Wednesday, August 22, 2007

Dener - The First Brazilian Couturier

In 1960's Brazil, fashion designers, or costureiros as we called them, were still hidden from sight inside their ateliers sewing pretty dresses to the society ladies. Dener Pamplona was the pioneer couturier who first created a real identity for Brazilian fashion, equaling it to the high levels of the European couture designers of the time. He changed it all with his big persona, a character he created himself, full of affectations and mannerisms big enough to match his talent. He was a high society staple, was a judge on a top rated TV talent show and a self-promoting faux aristocrat that enchanted Brazil with his sharp tongue and quick wit.
This month Editora Cosac Naif is reprinting Dener's 1972 autobiography "Dener-O Luxo", then at 36 years of age. It includes several images of the designer throughout his career, many hilarious and sharp quotes about rivals and politicians of the time, plus his how-to-live-life advices and accounts of his eccentricities and clients. This intimate memoir is also peppered with French words and expressions, very chic at the time, and gives an idea of his over the top grandesse and talent for fiction, as most passages cannot be verified. Dener would wake up at 2 PM, go to work from 4-8, then call his butler Pierre (nee Pedro) at home to shut all drapes and light up candles and lamps before his return. Dener a-b-h-o-r-r-e-d over head lighting. He once threw one of his fabulous parties and wanted exotic birds for the decor. In lack of those he had white doves covered in oil paint and adorned with extra plumes e sparkles. All died but one. He was ambiguous about his sexuality and even married a 16 year-old society girl in 1965 and fathered two kids. When asked about being gay he would answer vaguely "I like pretty people".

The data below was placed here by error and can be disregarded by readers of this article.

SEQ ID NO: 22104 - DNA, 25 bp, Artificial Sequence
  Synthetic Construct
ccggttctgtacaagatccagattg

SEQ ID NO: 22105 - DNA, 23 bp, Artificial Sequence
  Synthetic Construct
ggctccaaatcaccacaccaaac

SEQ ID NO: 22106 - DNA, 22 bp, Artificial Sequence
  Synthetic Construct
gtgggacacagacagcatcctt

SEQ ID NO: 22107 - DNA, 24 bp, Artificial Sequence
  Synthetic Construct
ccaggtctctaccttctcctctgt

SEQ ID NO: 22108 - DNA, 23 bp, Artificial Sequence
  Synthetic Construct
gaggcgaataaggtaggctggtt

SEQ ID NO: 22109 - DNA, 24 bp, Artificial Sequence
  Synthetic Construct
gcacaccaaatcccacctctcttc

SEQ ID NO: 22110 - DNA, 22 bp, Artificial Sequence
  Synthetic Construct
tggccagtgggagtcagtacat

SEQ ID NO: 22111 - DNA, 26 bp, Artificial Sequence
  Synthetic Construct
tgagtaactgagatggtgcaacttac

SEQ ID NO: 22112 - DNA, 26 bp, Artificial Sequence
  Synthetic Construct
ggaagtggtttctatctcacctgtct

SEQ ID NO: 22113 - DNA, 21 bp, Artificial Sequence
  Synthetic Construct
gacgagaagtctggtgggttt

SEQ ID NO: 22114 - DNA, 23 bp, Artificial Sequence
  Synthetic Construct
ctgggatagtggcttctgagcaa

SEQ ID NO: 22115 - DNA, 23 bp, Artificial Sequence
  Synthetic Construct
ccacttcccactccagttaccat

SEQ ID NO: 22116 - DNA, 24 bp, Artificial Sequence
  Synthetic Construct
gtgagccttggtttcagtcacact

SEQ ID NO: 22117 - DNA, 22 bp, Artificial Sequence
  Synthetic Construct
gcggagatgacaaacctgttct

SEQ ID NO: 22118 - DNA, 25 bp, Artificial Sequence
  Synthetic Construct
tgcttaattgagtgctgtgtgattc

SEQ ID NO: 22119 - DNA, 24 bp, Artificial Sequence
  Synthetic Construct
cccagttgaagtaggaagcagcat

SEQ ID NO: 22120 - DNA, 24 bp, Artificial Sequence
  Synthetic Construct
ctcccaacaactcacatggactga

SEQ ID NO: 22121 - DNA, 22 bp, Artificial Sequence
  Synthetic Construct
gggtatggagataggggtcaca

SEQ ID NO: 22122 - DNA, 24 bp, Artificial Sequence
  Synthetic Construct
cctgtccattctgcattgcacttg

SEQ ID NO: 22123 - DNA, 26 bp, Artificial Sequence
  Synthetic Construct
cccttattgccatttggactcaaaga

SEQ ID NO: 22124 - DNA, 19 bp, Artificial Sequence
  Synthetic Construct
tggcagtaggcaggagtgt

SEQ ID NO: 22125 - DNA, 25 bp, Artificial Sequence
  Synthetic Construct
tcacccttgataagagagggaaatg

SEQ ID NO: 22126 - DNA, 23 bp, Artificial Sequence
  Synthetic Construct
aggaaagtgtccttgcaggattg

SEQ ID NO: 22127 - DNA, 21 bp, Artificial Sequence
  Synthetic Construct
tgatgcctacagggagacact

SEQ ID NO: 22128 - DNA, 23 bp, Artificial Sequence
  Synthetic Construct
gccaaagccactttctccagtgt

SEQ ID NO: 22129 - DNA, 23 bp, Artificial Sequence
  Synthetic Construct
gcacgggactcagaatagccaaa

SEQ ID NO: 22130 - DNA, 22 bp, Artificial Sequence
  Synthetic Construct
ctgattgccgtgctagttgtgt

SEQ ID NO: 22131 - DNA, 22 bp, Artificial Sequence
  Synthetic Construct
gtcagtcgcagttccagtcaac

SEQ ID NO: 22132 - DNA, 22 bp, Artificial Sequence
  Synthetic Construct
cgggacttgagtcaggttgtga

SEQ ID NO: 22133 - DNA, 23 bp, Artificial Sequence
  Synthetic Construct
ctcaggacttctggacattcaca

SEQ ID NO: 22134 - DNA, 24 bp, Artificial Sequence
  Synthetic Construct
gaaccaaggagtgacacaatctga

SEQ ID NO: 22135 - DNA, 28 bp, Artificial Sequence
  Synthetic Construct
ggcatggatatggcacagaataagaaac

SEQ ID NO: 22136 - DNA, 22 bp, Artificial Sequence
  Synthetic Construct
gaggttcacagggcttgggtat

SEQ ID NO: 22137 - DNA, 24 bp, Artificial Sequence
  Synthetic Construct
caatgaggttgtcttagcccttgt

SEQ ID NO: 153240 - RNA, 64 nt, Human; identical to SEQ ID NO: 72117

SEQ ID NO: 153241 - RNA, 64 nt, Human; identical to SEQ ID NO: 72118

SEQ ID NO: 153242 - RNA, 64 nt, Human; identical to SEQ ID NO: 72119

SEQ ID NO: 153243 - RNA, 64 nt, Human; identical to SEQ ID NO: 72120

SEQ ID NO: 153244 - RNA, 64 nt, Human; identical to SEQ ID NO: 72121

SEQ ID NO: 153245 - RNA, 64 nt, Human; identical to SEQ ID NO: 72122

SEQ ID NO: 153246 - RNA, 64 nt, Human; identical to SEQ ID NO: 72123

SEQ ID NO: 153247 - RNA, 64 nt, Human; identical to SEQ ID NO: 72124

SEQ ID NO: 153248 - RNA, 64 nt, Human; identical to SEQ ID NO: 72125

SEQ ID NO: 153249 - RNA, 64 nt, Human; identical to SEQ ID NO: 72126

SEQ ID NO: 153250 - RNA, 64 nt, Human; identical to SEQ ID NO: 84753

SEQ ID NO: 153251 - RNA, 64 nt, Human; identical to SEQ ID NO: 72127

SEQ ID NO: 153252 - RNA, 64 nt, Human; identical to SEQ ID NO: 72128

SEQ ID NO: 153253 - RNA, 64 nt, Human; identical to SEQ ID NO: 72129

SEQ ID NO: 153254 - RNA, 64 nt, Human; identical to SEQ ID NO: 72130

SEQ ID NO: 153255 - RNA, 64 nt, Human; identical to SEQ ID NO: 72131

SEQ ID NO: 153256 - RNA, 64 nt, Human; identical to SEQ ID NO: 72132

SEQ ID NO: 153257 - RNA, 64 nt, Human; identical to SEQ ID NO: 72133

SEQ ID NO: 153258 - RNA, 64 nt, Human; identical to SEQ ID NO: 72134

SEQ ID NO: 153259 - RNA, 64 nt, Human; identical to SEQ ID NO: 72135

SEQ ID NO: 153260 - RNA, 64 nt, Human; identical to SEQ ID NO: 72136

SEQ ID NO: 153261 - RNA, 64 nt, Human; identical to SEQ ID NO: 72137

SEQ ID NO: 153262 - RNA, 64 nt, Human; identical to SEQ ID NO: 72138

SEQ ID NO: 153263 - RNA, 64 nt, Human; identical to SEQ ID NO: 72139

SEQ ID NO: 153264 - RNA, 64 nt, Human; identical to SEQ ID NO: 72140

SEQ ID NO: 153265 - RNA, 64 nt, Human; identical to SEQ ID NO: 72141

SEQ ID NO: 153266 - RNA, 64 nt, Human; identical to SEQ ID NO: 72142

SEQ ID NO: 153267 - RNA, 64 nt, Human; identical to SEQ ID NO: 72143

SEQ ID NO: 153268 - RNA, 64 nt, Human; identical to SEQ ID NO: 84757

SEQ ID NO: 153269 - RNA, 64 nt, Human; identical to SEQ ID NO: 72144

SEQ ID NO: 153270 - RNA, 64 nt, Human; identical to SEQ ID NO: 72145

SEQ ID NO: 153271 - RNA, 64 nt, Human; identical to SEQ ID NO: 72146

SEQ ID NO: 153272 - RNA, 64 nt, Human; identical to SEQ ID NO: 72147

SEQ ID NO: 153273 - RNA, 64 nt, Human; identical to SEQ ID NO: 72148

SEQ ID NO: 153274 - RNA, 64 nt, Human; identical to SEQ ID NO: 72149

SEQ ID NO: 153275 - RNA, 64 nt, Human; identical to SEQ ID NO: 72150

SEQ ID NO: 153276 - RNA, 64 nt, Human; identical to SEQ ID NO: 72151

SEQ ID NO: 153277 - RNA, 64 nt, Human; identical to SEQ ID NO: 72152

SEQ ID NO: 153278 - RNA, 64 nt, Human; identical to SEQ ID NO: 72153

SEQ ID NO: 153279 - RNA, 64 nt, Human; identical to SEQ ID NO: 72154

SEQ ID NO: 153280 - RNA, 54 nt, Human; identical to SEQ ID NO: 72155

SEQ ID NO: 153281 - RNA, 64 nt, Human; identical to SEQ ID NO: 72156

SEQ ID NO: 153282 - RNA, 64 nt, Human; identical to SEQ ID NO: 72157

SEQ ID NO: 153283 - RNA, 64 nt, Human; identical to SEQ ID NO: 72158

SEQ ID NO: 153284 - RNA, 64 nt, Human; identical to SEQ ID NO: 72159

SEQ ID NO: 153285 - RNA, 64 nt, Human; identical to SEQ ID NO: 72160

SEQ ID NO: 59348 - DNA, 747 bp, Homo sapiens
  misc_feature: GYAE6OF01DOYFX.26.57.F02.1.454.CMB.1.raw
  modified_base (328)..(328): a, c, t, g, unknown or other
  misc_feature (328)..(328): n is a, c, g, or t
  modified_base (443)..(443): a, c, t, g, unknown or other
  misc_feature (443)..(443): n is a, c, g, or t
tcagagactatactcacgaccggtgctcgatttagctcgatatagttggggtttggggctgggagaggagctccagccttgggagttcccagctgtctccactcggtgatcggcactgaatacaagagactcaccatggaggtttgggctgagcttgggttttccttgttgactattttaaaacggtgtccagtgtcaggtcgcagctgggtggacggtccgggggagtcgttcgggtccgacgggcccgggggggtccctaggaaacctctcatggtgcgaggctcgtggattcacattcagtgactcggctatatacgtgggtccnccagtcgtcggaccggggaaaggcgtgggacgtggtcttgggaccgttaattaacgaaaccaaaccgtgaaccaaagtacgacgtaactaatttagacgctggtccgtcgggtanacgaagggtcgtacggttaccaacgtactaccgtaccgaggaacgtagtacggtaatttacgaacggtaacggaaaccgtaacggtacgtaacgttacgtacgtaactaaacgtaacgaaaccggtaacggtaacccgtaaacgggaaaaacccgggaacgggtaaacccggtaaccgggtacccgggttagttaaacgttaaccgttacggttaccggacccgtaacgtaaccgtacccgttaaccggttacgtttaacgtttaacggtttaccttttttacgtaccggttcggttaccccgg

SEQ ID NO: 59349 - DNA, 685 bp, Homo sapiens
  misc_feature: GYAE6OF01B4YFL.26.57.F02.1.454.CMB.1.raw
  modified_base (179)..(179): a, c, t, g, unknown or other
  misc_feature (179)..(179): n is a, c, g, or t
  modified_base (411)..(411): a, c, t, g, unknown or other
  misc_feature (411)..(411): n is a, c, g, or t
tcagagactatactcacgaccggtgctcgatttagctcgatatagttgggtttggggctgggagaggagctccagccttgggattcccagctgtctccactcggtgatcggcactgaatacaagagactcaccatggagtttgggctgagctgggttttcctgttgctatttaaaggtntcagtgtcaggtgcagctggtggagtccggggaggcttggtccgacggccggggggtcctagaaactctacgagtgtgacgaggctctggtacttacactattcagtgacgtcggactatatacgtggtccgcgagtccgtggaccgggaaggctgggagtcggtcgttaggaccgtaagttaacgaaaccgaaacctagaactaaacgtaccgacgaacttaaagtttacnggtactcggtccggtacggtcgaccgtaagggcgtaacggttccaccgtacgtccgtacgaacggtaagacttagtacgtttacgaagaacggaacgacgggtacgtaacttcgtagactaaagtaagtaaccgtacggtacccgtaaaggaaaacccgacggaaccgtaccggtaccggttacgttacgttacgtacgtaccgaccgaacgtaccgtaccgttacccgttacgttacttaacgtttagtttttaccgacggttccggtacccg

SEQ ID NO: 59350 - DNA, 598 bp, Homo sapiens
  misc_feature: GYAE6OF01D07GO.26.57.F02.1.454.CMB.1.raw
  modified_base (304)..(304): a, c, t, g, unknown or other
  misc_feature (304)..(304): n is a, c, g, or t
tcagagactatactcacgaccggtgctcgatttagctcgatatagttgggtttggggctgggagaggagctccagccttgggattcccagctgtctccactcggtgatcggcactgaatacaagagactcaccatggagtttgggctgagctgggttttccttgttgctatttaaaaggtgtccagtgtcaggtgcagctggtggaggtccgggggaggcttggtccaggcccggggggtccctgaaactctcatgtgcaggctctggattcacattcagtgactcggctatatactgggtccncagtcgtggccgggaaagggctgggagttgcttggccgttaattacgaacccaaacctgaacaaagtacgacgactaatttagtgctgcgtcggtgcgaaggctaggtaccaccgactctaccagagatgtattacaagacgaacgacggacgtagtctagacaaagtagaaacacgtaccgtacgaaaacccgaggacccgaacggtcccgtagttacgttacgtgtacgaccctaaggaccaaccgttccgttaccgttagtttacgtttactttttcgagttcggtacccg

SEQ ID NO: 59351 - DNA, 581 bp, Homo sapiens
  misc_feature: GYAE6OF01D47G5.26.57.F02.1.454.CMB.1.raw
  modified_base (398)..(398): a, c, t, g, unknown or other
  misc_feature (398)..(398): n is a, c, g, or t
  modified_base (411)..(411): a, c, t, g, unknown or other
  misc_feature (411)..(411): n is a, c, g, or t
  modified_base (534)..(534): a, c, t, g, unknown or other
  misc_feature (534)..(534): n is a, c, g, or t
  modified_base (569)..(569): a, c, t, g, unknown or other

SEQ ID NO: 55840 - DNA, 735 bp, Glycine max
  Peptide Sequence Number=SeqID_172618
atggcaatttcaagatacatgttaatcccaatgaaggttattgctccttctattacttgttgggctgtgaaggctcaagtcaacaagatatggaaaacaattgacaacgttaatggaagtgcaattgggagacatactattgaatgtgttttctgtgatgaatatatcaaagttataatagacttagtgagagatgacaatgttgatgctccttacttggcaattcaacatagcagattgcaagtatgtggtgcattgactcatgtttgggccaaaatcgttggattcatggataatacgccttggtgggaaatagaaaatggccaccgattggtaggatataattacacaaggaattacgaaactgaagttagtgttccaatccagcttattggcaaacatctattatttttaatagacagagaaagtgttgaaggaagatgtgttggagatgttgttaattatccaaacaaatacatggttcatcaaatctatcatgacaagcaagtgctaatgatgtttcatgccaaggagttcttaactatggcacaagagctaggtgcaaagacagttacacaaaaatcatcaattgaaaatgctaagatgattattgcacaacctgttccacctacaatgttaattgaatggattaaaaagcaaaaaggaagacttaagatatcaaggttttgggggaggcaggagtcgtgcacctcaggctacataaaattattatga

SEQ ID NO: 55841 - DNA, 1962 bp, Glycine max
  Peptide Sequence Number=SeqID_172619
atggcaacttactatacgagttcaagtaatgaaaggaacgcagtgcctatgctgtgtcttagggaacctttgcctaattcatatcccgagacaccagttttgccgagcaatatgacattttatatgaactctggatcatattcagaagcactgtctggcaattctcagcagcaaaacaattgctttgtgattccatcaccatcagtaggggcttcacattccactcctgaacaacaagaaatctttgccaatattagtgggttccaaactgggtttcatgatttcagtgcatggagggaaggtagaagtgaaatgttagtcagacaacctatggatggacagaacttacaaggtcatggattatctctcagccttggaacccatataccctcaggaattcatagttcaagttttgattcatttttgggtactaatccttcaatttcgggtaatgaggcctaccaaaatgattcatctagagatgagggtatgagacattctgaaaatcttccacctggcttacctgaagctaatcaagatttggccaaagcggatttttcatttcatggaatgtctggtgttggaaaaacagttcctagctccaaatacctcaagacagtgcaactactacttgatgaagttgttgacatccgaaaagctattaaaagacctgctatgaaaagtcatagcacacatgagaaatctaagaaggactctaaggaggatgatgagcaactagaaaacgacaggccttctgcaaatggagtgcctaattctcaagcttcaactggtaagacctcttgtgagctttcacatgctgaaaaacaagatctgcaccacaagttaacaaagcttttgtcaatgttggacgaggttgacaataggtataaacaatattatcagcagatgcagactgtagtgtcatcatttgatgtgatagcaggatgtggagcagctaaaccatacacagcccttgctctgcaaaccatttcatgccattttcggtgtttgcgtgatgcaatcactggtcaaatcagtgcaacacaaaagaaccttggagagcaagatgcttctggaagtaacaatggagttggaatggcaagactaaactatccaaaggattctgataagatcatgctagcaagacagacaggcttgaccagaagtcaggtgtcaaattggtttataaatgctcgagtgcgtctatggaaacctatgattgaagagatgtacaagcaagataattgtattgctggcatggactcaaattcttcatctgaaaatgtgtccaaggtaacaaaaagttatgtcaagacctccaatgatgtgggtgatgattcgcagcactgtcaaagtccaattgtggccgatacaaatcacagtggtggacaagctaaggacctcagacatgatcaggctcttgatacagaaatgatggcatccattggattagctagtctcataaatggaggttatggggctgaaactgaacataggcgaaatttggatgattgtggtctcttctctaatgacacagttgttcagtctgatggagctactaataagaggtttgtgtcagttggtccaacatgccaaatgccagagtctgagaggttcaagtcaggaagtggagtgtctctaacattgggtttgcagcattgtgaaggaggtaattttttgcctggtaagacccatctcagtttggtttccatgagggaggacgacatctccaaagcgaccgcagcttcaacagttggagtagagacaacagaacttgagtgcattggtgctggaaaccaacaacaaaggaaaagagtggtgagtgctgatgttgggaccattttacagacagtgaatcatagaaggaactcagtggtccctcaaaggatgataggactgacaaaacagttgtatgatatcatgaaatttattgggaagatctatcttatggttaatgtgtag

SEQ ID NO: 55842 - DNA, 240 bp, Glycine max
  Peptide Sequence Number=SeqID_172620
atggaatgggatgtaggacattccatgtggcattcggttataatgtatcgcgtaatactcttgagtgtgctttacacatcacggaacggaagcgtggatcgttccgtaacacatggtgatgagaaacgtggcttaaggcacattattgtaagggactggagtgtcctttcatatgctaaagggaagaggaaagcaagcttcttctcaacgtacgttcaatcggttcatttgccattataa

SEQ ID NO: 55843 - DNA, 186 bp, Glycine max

He lived large, spent large and drank large. He died in 1978, at age 42, of cirrhosis of the liver.
A true Brazilian diva.

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